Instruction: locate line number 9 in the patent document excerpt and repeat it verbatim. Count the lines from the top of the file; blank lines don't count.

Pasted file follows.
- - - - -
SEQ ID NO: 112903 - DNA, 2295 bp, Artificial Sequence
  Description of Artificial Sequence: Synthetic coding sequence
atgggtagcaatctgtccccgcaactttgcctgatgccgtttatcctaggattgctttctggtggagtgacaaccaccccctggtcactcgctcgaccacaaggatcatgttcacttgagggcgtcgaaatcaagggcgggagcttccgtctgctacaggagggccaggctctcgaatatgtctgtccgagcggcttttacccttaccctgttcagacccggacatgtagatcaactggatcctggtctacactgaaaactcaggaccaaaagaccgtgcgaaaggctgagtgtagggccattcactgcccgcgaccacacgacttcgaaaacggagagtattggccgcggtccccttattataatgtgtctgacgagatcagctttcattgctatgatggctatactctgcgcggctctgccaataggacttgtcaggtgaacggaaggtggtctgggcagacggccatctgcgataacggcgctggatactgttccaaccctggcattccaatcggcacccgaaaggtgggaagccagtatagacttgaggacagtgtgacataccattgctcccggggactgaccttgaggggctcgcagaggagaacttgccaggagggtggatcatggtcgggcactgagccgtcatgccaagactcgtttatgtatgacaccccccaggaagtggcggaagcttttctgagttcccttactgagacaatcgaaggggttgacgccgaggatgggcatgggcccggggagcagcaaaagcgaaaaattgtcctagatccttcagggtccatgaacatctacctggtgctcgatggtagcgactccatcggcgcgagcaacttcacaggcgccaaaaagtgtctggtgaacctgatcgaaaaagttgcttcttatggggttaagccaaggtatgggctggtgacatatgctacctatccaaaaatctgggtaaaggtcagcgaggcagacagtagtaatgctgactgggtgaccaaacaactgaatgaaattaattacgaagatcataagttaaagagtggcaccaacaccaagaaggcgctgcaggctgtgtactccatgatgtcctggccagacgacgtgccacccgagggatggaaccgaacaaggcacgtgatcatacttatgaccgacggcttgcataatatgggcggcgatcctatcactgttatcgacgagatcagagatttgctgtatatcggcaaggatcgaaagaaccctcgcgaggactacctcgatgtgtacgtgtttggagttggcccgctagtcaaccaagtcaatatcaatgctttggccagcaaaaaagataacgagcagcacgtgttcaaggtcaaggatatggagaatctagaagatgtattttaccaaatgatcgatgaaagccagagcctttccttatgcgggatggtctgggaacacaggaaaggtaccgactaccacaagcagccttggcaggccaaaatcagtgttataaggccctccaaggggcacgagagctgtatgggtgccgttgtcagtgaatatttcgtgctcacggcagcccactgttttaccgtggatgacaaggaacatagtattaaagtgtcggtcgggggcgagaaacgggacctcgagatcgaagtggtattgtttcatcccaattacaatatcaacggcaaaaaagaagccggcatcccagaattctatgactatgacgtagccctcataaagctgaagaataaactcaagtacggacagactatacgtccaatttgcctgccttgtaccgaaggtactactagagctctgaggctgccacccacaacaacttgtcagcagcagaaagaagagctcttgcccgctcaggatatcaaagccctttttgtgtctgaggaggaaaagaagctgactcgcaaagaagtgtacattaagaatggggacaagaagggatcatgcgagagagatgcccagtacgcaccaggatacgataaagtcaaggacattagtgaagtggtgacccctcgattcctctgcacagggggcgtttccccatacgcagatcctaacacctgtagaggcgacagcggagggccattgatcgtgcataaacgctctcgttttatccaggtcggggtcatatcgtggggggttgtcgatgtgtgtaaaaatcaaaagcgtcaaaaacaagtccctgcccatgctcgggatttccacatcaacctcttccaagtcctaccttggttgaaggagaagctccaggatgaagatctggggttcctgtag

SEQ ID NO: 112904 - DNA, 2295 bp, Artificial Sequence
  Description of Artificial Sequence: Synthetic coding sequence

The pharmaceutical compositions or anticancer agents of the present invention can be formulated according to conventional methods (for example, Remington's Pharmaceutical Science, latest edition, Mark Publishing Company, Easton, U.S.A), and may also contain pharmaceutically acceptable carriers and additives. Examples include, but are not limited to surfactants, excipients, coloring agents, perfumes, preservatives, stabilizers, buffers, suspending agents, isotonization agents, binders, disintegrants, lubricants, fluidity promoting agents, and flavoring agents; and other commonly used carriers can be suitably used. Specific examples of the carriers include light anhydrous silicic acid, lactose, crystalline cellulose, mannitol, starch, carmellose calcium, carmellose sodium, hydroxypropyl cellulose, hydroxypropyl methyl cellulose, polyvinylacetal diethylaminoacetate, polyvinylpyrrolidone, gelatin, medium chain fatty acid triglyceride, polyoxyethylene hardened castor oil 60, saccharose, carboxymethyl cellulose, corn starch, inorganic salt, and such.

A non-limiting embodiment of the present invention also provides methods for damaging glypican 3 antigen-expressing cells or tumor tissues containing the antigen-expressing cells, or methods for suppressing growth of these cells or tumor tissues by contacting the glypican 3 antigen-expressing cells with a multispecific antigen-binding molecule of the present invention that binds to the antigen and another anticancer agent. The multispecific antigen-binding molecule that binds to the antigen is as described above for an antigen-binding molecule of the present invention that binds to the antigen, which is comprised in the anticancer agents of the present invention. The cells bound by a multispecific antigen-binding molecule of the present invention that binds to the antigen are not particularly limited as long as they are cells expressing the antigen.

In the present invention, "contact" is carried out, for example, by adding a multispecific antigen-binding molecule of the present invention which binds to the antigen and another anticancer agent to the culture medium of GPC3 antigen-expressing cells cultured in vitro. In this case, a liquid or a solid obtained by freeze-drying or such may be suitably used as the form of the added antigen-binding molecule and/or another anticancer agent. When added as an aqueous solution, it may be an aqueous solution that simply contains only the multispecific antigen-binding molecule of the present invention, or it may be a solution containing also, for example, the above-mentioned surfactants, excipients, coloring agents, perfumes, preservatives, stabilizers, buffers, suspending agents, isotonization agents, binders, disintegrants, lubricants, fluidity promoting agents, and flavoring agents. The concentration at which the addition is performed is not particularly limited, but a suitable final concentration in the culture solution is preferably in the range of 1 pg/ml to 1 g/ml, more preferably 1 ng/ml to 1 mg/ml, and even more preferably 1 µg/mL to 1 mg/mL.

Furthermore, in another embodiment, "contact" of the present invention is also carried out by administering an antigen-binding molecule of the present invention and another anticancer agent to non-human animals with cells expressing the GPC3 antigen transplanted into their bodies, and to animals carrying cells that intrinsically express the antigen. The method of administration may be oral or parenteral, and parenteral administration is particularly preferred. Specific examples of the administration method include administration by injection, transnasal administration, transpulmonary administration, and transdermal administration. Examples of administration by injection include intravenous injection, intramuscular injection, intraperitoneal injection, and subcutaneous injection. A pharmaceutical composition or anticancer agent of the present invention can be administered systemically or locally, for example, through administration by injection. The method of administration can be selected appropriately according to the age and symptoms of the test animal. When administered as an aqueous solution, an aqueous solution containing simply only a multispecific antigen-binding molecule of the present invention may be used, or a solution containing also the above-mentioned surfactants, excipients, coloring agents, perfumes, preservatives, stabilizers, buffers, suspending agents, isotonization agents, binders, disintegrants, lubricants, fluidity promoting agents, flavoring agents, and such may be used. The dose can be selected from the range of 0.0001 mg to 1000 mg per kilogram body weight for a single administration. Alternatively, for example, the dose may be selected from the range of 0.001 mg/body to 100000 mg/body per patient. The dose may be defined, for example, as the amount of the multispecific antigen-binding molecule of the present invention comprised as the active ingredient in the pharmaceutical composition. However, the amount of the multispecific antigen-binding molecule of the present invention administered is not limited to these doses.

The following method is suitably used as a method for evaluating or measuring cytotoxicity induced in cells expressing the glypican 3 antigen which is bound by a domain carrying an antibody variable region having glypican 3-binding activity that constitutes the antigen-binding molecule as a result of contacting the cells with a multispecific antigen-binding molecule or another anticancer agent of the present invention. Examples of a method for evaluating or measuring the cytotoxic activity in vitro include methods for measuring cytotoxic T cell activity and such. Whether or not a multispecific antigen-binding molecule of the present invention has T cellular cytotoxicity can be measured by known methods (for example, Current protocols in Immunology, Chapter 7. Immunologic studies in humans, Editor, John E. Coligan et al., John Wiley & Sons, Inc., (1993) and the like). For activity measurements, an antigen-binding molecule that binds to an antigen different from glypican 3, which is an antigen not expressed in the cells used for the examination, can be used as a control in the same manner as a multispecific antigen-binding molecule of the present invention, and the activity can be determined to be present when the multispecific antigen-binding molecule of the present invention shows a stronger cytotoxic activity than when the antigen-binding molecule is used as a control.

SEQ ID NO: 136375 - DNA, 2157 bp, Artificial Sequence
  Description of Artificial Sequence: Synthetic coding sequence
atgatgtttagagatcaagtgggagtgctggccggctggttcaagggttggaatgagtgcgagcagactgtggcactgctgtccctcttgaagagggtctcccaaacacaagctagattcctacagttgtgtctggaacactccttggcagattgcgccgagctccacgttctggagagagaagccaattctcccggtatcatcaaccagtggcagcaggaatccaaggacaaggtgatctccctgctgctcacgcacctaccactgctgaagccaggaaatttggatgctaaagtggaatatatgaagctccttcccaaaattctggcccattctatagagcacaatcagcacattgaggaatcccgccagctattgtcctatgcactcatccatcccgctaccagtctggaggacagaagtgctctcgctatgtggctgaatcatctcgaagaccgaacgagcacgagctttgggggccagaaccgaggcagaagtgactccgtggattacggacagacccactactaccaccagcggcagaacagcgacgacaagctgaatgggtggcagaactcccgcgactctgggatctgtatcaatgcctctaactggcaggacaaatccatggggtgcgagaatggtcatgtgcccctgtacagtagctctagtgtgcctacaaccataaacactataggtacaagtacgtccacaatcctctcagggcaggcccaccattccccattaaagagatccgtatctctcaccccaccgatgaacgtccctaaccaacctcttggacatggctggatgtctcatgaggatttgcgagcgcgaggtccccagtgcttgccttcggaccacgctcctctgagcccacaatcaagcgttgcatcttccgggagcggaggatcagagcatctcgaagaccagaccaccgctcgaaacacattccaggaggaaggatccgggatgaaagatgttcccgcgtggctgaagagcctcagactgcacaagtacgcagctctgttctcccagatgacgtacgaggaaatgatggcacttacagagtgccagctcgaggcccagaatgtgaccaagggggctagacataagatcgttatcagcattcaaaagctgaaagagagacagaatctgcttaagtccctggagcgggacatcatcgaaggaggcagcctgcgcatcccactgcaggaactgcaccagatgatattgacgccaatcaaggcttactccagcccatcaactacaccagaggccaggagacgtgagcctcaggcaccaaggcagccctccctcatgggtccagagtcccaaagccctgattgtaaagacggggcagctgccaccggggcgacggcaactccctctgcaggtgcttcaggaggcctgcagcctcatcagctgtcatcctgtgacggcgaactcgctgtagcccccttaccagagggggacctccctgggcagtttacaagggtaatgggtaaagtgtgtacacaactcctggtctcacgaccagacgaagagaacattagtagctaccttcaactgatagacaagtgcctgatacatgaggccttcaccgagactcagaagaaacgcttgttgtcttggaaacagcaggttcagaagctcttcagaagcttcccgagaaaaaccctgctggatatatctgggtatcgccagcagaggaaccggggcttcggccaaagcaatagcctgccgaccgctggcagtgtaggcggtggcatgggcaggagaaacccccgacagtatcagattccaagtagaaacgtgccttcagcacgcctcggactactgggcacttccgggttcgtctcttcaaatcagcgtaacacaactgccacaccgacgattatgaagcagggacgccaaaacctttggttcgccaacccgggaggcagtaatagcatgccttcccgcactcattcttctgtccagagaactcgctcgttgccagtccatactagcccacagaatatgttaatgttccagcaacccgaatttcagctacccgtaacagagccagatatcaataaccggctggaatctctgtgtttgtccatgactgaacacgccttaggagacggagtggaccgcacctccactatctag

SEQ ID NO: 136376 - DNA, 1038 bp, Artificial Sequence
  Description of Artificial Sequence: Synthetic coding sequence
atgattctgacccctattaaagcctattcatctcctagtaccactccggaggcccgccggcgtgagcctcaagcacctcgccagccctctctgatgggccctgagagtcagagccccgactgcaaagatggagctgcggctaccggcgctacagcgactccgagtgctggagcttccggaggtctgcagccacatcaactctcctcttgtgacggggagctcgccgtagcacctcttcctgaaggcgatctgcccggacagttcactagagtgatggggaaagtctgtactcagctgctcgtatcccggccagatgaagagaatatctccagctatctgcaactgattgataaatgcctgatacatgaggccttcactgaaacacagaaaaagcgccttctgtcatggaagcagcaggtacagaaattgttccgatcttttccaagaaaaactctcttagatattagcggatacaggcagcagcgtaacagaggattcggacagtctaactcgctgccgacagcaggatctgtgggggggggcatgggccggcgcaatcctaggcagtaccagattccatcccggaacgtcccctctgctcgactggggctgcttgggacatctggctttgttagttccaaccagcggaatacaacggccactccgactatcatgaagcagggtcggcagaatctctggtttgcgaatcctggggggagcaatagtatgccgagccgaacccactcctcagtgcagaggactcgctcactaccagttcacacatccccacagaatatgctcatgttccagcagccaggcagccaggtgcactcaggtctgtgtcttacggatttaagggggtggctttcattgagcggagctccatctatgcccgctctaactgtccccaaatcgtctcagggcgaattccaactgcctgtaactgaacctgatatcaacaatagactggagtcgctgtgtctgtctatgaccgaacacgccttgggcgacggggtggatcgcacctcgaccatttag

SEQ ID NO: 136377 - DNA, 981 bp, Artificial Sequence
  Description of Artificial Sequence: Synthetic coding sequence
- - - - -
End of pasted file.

Furthermore, in another embodiment, "contact" of the present invention is also carried out by administering an antigen-binding molecule of the present invention and another anticancer agent to non-human animals with cells expressing the GPC3 antigen transplanted into their bodies, and to animals carrying cells that intrinsically express the antigen. The method of administration may be oral or parenteral, and parenteral administration is particularly preferred. Specific examples of the administration method include administration by injection, transnasal administration, transpulmonary administration, and transdermal administration. Examples of administration by injection include intravenous injection, intramuscular injection, intraperitoneal injection, and subcutaneous injection. A pharmaceutical composition or anticancer agent of the present invention can be administered systemically or locally, for example, through administration by injection. The method of administration can be selected appropriately according to the age and symptoms of the test animal. When administered as an aqueous solution, an aqueous solution containing simply only a multispecific antigen-binding molecule of the present invention may be used, or a solution containing also the above-mentioned surfactants, excipients, coloring agents, perfumes, preservatives, stabilizers, buffers, suspending agents, isotonization agents, binders, disintegrants, lubricants, fluidity promoting agents, flavoring agents, and such may be used. The dose can be selected from the range of 0.0001 mg to 1000 mg per kilogram body weight for a single administration. Alternatively, for example, the dose may be selected from the range of 0.001 mg/body to 100000 mg/body per patient. The dose may be defined, for example, as the amount of the multispecific antigen-binding molecule of the present invention comprised as the active ingredient in the pharmaceutical composition. However, the amount of the multispecific antigen-binding molecule of the present invention administered is not limited to these doses.